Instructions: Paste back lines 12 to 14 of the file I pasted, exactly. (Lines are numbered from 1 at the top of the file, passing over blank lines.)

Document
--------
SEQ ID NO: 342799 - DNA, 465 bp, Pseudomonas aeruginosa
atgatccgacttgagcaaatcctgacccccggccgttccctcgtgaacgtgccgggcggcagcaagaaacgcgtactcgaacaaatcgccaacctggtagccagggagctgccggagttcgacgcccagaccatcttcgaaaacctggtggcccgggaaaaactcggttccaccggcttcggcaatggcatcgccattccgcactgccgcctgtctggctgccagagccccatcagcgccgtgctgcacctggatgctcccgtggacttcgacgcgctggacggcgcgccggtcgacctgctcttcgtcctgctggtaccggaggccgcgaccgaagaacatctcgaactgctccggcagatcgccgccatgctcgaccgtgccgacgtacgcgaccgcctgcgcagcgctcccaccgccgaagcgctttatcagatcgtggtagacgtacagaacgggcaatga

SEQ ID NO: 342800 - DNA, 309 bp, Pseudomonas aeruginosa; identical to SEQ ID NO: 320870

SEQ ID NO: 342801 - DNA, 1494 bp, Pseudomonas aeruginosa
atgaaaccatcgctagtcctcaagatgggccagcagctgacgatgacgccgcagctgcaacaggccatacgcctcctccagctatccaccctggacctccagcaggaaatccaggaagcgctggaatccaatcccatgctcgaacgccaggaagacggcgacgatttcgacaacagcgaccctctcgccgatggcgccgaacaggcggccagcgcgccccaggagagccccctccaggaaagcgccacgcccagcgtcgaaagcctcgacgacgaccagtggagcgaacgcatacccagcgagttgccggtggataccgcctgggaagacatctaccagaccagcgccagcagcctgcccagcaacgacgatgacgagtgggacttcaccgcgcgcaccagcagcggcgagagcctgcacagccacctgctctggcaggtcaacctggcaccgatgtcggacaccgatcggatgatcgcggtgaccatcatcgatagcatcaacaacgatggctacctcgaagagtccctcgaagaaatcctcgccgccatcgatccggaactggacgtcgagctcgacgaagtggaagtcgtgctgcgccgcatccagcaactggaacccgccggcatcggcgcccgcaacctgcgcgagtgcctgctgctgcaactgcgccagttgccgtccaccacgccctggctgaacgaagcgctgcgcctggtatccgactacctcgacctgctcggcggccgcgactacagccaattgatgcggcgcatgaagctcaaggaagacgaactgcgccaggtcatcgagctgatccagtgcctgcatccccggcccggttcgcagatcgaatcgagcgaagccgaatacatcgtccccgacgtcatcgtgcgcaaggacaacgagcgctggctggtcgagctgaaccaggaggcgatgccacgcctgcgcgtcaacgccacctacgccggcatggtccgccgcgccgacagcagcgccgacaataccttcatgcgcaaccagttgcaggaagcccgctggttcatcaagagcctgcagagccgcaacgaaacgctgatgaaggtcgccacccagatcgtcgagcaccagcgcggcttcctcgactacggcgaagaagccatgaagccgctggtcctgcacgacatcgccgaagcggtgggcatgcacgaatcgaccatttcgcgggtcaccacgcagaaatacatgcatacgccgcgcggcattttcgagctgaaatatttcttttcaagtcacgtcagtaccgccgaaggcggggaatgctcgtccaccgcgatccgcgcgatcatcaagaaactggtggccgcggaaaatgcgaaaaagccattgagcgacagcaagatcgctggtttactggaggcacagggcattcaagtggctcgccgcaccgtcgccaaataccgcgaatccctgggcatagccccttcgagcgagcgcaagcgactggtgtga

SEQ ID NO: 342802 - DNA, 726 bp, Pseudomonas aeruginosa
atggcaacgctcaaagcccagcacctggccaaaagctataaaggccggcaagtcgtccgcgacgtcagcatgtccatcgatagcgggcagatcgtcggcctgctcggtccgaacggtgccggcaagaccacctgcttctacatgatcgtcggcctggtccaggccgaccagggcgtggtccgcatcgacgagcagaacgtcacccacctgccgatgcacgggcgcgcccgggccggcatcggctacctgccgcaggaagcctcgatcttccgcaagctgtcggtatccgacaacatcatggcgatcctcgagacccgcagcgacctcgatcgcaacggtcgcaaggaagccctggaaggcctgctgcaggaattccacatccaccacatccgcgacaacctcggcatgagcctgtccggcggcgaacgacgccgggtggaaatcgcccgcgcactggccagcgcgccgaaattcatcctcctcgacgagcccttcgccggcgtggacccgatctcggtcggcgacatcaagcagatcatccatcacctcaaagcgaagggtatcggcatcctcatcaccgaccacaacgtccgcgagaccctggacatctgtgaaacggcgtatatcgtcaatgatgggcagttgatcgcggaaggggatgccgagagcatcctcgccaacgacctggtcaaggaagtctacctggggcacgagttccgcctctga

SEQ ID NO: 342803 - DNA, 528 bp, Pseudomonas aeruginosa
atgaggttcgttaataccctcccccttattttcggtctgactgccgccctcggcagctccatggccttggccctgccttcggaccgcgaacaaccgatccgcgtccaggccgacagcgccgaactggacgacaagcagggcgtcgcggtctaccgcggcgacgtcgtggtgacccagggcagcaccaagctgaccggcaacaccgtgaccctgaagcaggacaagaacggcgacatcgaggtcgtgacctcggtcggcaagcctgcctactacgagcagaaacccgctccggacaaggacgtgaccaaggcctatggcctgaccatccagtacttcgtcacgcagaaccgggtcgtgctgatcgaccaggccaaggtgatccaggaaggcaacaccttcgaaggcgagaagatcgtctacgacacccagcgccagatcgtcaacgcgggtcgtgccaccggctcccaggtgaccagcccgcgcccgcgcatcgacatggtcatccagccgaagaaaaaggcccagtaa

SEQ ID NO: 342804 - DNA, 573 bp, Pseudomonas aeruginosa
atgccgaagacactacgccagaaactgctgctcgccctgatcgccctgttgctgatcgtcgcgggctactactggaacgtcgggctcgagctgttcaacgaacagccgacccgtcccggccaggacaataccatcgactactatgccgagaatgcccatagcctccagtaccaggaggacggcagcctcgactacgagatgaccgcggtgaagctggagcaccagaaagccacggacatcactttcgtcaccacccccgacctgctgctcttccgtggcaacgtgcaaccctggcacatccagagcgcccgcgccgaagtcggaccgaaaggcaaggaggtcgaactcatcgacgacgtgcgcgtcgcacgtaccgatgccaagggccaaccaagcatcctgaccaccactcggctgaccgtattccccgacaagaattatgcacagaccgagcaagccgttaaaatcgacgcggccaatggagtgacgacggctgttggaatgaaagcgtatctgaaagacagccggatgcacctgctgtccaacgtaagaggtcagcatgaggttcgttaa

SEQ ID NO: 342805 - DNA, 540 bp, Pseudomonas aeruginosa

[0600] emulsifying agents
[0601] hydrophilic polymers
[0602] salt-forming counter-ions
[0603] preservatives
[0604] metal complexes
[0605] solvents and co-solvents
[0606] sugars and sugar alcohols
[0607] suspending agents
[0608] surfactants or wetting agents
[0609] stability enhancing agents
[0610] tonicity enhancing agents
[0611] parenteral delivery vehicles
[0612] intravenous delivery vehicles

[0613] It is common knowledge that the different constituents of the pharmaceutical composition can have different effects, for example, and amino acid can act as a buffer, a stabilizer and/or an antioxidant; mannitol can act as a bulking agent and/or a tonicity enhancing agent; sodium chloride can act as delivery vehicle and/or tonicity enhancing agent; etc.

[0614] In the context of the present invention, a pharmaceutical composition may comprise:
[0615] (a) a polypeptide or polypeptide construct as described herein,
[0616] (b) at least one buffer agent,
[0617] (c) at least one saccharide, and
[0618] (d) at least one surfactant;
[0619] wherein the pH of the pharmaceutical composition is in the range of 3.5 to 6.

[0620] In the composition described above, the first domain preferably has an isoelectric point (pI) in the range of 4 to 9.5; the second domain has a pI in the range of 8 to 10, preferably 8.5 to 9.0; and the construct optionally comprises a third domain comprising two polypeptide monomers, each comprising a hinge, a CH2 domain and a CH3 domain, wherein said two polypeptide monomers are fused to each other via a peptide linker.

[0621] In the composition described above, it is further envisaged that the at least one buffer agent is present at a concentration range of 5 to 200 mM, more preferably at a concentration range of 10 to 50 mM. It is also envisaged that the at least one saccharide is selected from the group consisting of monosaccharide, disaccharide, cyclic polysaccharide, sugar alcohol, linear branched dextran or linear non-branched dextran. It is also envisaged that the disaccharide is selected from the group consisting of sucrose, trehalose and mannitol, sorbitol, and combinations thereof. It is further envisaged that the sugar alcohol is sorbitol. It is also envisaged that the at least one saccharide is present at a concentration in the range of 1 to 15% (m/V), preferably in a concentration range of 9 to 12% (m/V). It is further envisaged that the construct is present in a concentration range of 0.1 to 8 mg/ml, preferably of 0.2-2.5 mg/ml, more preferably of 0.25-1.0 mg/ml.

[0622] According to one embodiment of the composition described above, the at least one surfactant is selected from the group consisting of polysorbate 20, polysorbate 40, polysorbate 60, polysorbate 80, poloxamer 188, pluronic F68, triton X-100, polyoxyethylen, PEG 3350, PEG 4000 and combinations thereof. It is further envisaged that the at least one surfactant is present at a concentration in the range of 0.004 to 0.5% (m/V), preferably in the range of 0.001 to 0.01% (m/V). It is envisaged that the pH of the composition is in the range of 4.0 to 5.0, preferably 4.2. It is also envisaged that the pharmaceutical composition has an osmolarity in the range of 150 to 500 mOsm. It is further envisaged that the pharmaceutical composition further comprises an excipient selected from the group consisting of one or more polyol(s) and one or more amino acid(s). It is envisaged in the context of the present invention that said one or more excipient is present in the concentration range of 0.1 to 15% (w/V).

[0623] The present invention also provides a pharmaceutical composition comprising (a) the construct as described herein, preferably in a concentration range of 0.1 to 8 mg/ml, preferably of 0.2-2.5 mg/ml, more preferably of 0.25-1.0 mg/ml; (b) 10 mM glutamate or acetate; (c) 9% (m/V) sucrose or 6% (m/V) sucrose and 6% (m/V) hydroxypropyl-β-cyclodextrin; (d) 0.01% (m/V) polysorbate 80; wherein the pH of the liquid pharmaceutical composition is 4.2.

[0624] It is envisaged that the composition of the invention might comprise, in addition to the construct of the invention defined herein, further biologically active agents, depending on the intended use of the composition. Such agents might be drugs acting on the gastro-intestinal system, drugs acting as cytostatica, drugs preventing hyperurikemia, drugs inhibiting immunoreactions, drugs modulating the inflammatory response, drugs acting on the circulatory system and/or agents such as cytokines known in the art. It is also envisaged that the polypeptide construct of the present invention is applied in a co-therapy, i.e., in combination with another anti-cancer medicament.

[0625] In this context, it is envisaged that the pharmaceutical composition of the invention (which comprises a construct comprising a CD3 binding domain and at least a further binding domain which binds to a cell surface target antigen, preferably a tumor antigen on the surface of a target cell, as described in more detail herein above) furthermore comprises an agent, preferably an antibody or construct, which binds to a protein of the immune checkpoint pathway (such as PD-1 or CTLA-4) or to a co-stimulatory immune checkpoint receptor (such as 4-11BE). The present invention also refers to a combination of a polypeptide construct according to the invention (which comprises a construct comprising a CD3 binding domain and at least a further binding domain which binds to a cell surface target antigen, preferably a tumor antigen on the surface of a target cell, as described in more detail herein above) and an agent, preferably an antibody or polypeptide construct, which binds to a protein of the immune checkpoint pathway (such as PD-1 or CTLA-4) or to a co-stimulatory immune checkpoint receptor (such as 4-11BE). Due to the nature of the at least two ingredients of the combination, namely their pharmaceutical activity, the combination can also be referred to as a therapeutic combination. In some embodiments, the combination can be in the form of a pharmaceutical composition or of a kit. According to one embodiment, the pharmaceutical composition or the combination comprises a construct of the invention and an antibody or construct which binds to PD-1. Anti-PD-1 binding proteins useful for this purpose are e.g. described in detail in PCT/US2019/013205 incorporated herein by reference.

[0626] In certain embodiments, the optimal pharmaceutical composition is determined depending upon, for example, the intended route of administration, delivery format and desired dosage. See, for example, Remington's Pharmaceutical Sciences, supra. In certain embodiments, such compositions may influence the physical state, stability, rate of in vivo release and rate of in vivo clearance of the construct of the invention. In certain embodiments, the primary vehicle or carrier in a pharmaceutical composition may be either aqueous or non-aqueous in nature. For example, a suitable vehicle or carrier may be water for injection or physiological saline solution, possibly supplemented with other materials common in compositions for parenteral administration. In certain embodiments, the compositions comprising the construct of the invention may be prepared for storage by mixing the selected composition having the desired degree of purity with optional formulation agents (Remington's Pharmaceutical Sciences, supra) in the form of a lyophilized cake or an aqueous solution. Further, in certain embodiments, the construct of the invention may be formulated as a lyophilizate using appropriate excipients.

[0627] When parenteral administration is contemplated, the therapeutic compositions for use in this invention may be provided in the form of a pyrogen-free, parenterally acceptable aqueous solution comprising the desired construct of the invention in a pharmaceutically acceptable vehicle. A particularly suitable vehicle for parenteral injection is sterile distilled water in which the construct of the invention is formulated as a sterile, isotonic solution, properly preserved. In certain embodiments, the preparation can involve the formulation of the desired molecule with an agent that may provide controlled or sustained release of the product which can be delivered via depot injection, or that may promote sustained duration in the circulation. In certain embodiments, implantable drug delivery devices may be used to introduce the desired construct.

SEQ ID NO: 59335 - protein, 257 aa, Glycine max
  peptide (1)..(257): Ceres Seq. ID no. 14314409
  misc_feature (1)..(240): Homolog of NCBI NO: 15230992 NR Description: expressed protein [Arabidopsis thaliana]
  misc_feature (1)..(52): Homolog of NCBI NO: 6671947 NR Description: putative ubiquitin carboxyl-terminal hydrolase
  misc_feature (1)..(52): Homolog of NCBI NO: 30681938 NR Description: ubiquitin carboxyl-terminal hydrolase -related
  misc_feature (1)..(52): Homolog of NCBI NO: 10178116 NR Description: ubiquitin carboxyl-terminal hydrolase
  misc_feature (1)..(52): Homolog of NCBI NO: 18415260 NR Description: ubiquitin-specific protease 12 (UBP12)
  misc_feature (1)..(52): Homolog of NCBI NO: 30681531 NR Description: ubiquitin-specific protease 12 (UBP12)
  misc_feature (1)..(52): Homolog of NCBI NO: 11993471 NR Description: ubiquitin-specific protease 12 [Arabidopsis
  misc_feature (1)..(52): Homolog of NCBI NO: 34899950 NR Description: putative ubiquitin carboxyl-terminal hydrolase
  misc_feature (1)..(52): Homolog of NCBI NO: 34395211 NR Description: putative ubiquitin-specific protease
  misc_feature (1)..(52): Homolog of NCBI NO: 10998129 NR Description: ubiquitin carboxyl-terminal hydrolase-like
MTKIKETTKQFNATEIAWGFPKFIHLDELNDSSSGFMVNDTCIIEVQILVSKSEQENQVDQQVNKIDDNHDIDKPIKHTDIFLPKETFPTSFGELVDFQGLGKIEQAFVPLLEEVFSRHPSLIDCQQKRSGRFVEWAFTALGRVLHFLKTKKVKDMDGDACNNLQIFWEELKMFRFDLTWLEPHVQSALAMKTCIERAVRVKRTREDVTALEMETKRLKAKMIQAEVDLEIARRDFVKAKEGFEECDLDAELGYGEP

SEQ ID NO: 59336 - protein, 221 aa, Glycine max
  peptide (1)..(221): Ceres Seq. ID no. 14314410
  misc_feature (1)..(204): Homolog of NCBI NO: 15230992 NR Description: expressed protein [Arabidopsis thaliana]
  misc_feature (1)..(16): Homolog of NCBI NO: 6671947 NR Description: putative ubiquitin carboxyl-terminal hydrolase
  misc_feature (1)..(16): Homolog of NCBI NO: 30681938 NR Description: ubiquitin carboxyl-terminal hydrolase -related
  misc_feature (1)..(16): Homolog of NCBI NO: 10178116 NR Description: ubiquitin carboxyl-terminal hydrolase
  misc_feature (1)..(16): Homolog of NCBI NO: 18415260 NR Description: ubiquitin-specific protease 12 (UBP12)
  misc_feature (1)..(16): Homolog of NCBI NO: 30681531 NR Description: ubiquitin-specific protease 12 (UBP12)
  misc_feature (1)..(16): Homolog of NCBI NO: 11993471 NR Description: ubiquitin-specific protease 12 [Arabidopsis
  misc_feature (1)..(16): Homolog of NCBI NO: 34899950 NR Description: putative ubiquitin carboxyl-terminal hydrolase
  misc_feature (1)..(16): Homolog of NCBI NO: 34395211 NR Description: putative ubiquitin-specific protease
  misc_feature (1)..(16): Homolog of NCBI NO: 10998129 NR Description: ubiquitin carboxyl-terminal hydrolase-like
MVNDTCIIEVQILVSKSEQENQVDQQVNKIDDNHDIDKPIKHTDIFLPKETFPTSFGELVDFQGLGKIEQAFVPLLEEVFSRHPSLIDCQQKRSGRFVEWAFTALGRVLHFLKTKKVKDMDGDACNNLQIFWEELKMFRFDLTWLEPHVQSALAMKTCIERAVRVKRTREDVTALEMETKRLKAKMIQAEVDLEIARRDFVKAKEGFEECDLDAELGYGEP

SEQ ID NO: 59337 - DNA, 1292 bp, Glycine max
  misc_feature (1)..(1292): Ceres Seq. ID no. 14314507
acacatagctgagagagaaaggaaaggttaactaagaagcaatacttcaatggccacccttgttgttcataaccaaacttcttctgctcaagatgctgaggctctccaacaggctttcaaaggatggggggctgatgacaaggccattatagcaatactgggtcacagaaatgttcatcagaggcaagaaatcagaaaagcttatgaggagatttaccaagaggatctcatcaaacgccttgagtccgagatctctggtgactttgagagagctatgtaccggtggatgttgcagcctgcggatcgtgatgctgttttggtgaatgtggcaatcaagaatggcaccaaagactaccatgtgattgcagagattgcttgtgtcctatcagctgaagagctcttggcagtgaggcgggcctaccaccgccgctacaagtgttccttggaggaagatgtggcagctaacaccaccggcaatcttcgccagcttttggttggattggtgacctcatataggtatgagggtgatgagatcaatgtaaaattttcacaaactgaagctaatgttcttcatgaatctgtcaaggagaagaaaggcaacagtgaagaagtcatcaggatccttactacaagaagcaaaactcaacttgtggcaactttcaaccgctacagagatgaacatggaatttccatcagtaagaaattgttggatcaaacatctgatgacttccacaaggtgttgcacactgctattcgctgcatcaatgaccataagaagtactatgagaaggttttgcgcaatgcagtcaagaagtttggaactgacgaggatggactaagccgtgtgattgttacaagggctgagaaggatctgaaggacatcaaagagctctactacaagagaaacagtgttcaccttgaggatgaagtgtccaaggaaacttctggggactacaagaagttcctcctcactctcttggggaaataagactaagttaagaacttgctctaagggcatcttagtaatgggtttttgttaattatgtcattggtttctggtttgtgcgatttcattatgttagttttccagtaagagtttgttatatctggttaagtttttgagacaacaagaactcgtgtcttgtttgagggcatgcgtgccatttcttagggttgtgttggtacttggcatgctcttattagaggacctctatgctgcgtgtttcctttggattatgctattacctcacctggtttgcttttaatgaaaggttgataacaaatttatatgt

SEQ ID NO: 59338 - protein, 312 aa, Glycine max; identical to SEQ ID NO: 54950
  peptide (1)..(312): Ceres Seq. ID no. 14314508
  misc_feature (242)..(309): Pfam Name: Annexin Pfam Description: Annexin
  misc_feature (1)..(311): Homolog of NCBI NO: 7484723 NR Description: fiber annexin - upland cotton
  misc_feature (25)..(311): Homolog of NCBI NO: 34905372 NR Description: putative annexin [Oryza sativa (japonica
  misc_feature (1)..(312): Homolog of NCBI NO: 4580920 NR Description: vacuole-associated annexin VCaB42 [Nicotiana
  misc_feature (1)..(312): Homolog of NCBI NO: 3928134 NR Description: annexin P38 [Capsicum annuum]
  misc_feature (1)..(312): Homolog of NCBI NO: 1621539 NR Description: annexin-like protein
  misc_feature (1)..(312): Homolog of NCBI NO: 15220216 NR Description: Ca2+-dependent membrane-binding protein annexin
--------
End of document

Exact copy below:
SEQ ID NO: 342805 - DNA, 540 bp, Pseudomonas aeruginosa

[0600] emulsifying agents
[0601] hydrophilic polymers